6. The teacher might want to show an excerpt from the video The Murder of Mary Phegan, which depicts the Leo Frank story. The end of the video is particularly effective in demonstrating the vitriolic way in which Americans reacted to antisemitism.

Day Three




  1. Students will read the handout dealing with the events surrounding the Armenian Genocide. Partners will read, analyze, and answer the questions pertaining to the eyewitness accounts, and the class will discuss their findings. Students should be guided to assess:

    1. the Ottoman Empire's policy toward minorities
    2. the effects of the Armenian Genocide on the Turks as well as the Armenians

  2. The class will focus on the reaction of European powers and the United States after they have read The Aftermath. They will then be asked to assess:

    1. the rescue efforts and involvement of the world community and the United States in particular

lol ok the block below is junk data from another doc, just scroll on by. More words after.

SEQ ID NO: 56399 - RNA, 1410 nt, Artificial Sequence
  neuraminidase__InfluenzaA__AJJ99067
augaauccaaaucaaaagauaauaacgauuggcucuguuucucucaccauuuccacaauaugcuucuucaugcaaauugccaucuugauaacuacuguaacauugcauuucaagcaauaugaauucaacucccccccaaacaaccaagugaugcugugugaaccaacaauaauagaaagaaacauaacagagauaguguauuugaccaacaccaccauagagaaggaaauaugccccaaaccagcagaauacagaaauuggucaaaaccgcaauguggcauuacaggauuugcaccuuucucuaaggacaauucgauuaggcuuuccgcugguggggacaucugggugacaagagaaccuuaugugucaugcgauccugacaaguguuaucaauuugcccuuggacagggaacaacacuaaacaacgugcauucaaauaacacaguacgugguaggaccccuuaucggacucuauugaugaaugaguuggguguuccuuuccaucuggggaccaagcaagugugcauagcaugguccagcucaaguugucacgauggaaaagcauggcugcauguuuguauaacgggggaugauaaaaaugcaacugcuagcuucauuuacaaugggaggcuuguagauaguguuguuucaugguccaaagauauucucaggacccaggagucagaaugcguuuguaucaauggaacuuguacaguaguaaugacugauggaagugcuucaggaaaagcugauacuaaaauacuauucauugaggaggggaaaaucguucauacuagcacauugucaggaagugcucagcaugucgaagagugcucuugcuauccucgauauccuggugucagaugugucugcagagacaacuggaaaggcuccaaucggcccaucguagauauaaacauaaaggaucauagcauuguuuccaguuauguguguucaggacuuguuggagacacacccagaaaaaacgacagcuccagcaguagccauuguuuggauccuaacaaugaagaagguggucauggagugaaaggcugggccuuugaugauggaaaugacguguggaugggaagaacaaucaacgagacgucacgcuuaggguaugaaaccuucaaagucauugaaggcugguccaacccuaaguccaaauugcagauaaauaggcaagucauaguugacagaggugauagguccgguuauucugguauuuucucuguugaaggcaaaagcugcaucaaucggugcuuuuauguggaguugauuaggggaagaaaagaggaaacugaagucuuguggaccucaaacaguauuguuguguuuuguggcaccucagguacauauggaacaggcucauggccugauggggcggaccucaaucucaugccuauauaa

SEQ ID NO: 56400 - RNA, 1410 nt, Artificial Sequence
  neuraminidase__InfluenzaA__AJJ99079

2. what role could the United States have played in the affairs of Turkey? Should America have accepted a League of Nations mandate over this area?
    3. whether the Armenian Genocide set a precedent which led Hitler to believe that he would not be held responsible for his own behavior.

  3. The students will view the film The Forgotten Genocide, which documents the Armenian Genocide with historic photos and film footage.

  4. Students should be asked to comment in writing about the validity of Hitler's boast on the eve of the invasion of Poland.
    I have placed my death-head formations in readiness . . .with orders to them to send to death mercilessly and without compassion, men, women, and children of Polish derivation and language. Only thus shall we gain the living space which we need. Who, after all, speaks today of the annihilation of the Armenians?

    Should America place more effort into remembering what happened to the Armenians? Should we risk our relationship with Turkey over this issue? If so, why?